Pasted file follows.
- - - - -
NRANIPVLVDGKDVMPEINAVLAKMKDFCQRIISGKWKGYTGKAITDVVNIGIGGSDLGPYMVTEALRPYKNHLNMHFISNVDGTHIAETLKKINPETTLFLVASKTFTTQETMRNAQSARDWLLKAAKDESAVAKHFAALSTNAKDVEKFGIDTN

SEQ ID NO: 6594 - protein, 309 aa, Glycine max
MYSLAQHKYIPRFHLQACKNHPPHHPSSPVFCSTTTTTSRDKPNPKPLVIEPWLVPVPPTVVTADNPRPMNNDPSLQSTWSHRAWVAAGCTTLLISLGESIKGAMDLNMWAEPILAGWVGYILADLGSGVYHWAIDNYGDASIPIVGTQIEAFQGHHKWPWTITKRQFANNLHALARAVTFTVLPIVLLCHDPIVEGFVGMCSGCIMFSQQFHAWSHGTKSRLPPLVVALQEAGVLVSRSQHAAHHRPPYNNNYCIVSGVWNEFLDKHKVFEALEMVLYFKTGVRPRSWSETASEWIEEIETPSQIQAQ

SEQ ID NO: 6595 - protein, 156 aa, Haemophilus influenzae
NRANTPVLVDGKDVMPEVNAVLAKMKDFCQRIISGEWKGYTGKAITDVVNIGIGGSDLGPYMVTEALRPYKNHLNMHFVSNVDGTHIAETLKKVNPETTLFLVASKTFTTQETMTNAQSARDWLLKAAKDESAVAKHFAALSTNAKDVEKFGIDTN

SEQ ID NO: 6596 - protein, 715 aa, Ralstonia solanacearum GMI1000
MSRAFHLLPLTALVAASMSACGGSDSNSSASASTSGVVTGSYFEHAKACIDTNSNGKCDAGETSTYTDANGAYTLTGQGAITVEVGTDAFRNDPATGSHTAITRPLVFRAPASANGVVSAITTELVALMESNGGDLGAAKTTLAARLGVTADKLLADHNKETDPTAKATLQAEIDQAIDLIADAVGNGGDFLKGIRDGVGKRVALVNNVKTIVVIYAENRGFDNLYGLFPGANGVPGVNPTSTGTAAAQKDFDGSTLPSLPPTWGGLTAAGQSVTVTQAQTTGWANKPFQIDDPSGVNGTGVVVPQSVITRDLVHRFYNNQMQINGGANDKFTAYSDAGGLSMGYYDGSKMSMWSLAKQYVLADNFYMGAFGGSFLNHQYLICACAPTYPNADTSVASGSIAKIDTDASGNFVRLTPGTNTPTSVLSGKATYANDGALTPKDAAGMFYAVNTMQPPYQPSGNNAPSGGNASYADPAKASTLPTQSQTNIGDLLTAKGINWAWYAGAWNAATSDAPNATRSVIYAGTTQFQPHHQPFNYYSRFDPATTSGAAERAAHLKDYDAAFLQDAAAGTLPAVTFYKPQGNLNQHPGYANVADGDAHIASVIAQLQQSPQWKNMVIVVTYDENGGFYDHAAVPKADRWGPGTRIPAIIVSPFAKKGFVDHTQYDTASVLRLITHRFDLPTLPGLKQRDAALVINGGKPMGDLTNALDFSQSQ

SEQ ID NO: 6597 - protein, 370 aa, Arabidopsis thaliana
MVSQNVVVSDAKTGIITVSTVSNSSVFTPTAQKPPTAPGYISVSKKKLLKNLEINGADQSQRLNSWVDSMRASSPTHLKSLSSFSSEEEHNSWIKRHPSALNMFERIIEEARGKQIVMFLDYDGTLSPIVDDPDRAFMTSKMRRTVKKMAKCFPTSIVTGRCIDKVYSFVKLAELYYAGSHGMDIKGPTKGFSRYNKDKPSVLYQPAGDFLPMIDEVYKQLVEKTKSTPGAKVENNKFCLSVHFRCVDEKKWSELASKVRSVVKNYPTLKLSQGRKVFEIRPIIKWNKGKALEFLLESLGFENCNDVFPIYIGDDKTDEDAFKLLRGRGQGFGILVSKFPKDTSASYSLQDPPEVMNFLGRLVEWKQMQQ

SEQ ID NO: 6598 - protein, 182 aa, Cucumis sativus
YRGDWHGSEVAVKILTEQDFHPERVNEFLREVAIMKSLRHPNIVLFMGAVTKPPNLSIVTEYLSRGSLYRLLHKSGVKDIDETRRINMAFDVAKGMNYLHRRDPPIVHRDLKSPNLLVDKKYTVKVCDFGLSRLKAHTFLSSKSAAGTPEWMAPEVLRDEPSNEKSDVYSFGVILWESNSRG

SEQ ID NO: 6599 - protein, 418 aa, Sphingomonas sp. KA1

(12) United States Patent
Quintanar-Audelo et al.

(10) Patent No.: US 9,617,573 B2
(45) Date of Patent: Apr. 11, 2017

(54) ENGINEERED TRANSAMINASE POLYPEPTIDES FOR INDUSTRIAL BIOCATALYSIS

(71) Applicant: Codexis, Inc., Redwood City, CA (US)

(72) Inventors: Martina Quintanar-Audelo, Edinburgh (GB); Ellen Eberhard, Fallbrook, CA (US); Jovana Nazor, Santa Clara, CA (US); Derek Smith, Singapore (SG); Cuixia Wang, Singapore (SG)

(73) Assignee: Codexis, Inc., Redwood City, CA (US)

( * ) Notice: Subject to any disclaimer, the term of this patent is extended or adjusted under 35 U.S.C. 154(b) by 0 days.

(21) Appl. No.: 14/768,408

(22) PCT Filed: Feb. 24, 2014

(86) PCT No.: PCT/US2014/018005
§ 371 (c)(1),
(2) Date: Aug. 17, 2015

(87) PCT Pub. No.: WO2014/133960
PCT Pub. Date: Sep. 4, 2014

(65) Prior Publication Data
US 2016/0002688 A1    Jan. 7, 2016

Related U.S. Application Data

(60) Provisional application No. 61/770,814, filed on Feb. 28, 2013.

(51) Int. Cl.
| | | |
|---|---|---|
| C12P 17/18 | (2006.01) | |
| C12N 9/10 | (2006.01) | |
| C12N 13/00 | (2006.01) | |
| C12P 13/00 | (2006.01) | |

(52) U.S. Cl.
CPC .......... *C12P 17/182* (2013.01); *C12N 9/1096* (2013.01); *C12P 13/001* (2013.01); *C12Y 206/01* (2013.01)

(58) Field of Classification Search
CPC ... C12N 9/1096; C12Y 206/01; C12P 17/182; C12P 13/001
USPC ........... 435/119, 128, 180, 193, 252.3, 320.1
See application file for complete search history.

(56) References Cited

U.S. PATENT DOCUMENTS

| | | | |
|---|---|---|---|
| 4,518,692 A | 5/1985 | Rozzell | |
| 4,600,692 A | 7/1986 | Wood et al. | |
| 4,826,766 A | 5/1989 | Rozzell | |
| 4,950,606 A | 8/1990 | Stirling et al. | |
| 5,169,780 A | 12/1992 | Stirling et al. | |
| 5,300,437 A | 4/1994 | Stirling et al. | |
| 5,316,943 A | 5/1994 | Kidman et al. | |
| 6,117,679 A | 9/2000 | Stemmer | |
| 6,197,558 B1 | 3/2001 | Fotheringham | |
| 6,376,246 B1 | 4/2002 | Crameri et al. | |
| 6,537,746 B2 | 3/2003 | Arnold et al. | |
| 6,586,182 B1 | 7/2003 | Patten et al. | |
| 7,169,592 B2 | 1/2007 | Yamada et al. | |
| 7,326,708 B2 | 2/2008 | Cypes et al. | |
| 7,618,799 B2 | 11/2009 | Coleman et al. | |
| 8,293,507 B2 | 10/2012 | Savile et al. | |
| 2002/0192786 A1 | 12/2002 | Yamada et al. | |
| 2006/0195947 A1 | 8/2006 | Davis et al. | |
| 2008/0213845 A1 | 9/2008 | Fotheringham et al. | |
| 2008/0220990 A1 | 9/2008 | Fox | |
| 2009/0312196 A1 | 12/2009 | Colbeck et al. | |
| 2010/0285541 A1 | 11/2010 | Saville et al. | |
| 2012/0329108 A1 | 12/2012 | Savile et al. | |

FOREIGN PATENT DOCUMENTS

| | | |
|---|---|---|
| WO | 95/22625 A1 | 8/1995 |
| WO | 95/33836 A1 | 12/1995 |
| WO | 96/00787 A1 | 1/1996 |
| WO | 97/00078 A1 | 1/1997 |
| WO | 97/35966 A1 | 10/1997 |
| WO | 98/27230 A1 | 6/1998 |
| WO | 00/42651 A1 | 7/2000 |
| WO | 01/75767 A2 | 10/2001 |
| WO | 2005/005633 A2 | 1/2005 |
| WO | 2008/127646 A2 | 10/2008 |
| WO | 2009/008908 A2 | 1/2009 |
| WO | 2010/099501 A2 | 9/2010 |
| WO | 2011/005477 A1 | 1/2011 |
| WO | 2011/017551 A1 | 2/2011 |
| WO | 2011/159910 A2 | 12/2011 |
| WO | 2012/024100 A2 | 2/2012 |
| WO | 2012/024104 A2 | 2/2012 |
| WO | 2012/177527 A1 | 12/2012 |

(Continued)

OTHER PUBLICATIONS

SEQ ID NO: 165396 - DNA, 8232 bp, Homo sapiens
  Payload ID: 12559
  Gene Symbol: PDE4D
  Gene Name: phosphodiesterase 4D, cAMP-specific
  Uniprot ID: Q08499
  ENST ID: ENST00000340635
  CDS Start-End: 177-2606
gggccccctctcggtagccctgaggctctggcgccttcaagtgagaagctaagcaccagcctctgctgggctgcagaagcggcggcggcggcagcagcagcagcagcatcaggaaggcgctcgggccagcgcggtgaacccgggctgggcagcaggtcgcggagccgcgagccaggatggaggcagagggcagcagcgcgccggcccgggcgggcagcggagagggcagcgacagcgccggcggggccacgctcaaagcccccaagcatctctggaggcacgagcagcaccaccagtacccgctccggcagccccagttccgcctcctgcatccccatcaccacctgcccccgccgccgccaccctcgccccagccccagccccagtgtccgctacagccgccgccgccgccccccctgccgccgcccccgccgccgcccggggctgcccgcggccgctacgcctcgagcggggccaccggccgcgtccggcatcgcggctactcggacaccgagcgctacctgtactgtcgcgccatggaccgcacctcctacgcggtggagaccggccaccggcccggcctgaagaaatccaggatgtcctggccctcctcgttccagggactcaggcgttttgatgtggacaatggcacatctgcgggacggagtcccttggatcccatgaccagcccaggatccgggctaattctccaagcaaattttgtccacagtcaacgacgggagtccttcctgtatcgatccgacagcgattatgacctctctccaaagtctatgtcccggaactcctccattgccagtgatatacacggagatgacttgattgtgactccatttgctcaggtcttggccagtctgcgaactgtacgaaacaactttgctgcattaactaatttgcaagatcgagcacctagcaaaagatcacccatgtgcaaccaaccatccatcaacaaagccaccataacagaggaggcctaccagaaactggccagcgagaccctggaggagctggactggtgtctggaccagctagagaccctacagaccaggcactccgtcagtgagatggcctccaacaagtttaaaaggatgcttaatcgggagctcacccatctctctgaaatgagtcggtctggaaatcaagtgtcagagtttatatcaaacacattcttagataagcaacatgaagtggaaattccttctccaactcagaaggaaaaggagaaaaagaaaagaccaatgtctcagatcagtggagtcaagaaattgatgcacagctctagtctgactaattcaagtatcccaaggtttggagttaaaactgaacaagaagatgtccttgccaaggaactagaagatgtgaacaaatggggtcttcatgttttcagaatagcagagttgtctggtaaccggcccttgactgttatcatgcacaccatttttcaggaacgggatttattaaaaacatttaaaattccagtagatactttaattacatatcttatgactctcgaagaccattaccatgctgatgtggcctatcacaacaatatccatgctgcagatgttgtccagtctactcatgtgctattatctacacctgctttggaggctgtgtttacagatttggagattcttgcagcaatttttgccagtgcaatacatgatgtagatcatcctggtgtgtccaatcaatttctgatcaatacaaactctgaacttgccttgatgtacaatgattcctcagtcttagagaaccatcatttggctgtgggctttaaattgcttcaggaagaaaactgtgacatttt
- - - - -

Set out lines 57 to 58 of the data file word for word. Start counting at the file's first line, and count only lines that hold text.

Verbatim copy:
| 6,117,679 A | 9/2000 | Stemmer | |
| 6,197,558 B1 | 3/2001 | Fotheringham | |